Time For Changes At The UN
By Congressman Joe Pitts
June 17, 2005
Later this month in San Francisco , representatives from around the world will gather to celebrate the 60th anniversary of the signing of the United Nations charter. Over the decades, the U.N. has played a central role in alleviating the suffering of the hungry and sick, helping to maintain peace among warring parties, and searching for weapons of mass destruction, along with a host of other indispensable functions.
But the system seems to breed abuse and fraud because the UN's huge bureaucracy is accountable to no one. Corruption is rampant in the U.N. system, as evidenced by the billions diverted from the Oil-for-Food program involving Saddam Hussein's Iraq; U.N. peacekeepers have raped and sexually abused children in Bosnia, Congo, Sierra Leone, and elsewhere; a culture of concealment makes rudimentary oversight of the U.N.'s finances virtually impossible; and a casual attitude toward conflict-of-interest rules undermines trust in the organization's basic governance.
Beyond these abuses, I have been involved with two issues in recent years that demonstrate the shortcomings of the United Nations. In one case, the UN has failed to muster opposition to a regime engaged in ethnic cleansing. In the other case, the UN has failed to keep its promise of managing a referendum for a nation currently occupied by a powerful ally of many nations in the West.
Burma is a nation ruled by a military regime, ironically called the State Peace and Development Council (SPDC). The regime rules with a iron fist and has imprisoned the nation's elected leader, Aung San Suu Kyi. The SPDC is also guilty of untold numbers of crimes against humanity including: use of rape as weapon of terror, destruction of villages, attacks on ethnic minorities, use of slave labor, and drug trafficking. The United States has spoken out against the regime and has instituted sanctions, but very little has been done by the United Nations.
Western Sahara was a Spanish colony until Spain withdrew in 1975, but Sahrawi hopes for independence were dashed when Morocco promptly invaded. The UN's International Court of Justice ruled in October of 1975 that Morocco 's claim to Western Sahara was illegitimate. The Sahrawis have been fighting for liberation ever since.
The Sahrawi Arab Democratic Republic (the government in exile) is recognized by the Organization of African Unity and by 75 individual nations as the legitimate government of Western Sahara . A 1991 UN-brokered cease-fire agreement promised a referendum for national self-determination, but Morocco has spent the succeeding decade doing everything in its power to prevent the referendum from actually taking place. The vote has yet to happen While the Sahrawis languish in exile, their leaders weigh continued patience against going back to war to regain their homeland, all because the United Nations has failed to keep its own promise.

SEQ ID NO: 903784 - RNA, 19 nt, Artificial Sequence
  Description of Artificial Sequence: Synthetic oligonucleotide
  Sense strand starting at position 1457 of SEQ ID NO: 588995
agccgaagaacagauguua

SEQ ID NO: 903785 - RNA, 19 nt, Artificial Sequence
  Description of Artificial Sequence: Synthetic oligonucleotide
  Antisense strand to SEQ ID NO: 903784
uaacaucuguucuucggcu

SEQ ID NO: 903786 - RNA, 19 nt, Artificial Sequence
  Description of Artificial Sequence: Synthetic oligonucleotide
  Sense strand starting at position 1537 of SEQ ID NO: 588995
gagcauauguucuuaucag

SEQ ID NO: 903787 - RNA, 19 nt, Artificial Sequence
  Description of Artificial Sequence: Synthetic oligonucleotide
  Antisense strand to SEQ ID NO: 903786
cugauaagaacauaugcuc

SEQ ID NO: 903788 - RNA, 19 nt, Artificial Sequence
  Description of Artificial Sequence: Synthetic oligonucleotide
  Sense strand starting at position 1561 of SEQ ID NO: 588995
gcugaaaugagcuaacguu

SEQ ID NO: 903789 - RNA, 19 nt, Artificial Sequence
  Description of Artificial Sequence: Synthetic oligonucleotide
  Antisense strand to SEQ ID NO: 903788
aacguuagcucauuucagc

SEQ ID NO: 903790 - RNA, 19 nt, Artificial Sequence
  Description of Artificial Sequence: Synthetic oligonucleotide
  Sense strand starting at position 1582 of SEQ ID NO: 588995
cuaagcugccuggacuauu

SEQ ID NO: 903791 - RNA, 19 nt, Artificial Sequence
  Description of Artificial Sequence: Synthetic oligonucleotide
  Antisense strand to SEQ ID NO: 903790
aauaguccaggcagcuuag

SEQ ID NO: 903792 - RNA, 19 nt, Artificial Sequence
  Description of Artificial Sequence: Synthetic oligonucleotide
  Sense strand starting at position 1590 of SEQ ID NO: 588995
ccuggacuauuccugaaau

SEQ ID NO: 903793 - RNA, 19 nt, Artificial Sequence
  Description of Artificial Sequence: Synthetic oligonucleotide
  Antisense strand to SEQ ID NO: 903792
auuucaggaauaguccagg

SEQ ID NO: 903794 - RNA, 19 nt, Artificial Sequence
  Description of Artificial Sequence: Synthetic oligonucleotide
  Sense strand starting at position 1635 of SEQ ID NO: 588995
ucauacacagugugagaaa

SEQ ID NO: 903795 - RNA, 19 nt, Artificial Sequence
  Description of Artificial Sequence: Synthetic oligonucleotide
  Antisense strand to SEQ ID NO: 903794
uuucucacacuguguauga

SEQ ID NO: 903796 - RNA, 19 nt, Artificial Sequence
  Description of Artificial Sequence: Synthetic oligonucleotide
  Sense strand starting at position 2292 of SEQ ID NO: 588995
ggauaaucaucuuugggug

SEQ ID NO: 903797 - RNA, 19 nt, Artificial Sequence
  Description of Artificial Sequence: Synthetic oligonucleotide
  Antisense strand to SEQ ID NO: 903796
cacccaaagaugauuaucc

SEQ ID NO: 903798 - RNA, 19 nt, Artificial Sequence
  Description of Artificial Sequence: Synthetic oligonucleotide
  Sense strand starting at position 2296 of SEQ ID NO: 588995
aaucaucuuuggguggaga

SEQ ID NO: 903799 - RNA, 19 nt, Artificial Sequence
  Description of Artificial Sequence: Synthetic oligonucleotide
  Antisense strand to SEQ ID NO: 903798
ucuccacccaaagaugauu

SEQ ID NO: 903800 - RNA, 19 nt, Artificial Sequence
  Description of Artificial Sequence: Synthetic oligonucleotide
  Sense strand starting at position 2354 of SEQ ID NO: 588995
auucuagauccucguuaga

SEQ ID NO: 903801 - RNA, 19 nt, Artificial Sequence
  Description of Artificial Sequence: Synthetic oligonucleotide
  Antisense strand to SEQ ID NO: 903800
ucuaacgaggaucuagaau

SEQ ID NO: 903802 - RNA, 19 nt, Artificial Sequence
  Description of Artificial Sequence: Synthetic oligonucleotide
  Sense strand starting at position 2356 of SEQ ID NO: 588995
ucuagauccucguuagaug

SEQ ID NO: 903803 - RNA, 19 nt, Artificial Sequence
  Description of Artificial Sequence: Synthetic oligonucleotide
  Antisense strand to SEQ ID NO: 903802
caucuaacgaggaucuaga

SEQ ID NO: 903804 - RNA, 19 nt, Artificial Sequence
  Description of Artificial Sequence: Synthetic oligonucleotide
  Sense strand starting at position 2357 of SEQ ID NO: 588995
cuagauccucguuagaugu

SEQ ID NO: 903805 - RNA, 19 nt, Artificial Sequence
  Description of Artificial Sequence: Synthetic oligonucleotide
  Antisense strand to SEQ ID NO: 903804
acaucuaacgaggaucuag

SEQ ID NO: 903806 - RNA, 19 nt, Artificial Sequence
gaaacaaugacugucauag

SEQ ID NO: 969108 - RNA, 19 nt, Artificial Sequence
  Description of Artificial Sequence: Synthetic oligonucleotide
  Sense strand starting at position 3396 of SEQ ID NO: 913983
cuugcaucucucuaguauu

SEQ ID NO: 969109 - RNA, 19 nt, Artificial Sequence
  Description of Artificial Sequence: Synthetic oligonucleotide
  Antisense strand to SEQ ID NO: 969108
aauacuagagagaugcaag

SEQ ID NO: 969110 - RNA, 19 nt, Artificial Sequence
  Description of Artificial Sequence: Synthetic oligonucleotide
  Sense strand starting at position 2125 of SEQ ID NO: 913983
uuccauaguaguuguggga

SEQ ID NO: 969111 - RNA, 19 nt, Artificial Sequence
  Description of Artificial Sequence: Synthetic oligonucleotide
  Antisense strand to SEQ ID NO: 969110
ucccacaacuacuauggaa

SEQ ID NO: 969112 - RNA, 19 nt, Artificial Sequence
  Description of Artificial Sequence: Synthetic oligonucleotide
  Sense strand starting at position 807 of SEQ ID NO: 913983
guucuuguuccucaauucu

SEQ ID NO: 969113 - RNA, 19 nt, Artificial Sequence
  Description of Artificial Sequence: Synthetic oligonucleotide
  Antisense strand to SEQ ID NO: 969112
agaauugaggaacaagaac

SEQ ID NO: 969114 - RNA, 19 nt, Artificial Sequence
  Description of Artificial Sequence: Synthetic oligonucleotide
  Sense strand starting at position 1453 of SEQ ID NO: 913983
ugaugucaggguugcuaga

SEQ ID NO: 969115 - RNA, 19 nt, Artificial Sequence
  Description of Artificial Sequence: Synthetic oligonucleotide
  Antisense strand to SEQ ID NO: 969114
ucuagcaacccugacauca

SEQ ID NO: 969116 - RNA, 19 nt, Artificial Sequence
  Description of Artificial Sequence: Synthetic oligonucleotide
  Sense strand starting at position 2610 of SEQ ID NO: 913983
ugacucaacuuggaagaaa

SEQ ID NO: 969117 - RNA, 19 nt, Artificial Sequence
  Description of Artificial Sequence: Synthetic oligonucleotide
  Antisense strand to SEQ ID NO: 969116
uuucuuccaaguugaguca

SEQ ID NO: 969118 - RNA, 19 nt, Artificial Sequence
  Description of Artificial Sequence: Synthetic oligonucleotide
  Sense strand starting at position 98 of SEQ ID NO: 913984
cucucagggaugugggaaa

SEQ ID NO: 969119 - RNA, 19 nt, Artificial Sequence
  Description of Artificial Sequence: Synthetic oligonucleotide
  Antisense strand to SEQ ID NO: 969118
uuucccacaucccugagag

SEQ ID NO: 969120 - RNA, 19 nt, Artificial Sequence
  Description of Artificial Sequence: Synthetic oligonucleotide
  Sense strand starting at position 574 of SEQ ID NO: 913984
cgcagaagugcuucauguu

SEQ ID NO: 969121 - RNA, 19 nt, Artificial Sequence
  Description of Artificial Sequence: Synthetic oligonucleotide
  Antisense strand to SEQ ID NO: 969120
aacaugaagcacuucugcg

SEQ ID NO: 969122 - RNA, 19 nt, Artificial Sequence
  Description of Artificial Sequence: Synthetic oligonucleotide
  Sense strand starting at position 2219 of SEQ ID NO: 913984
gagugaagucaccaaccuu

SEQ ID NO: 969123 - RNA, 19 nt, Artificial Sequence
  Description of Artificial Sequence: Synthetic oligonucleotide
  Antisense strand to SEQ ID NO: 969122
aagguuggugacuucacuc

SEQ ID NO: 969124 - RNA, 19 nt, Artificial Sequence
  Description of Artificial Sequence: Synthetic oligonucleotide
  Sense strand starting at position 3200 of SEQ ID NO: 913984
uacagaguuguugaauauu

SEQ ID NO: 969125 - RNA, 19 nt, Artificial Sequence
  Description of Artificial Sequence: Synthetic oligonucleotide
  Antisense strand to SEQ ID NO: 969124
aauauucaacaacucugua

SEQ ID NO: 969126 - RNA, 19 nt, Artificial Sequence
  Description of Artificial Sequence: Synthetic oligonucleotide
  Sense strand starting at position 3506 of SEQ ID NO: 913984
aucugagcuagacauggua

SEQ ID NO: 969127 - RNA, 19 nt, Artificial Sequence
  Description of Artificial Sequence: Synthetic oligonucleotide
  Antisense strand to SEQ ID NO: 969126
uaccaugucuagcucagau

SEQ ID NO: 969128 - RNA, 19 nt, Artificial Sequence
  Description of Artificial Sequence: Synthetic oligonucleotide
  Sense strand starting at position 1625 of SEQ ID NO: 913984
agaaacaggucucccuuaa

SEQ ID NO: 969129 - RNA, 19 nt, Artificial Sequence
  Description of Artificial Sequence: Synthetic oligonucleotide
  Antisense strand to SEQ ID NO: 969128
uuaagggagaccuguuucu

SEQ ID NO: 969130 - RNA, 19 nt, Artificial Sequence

These issues are indicative of systemic problems at the United Nations and they spurred the House to pass H.R. 2745, the Henry J. Hyde United Nations Reform Act of 2005, a comprehensive U.N. reform package developed over the course of last year to address these and other serious failings.
The American people provide more than $420 million to the U.N.'s budget. So 4.6 percent of the world's population pays 22 percent of the UN's budget (amount of dues determined by the size of the nation's economy). So we have a responsibility to monitor how the UN acts and how it spends our money. Today, that money is being used to underwrite abuse and corruption.
The legislation makes 39 reform recommendations. It states that fourteen of these reforms are mandatory. Of the remaining twenty-five cited in the bill, the UN can choose just four more in order to satisfy the requirements of the legislation. If the U.N. refuses to adopt these changes, Congress will withhold 50 percent of our nation's dues to the organization.
History shows us that when Congress threatens to withhold the UN's lifeblood - American taxpayer money - the U.N. acts. Sometimes it requires drastic measures to get the results we need at the U.N. Consequently, our bill ties payment of the U.S. assessed dues to U.N. reforms outlined in the legislation. If the U.N. fails to make these reforms by 2007, the U.S. will withhold 50 percent of its assessed dues.
With H.R. 2745, we targeted the issue, which is our lack of leverage in getting reforms through at the UN. This plan would give American taxpayers a voice on how the UN deals with issues like religious freedom, political oppression, weapons proliferation, and the widespread abuses of power that have plagued the U.N. since its earliest days. It also makes clear that elected representatives not bureaucrats are ultimately responsible for how taxpayer money is spent.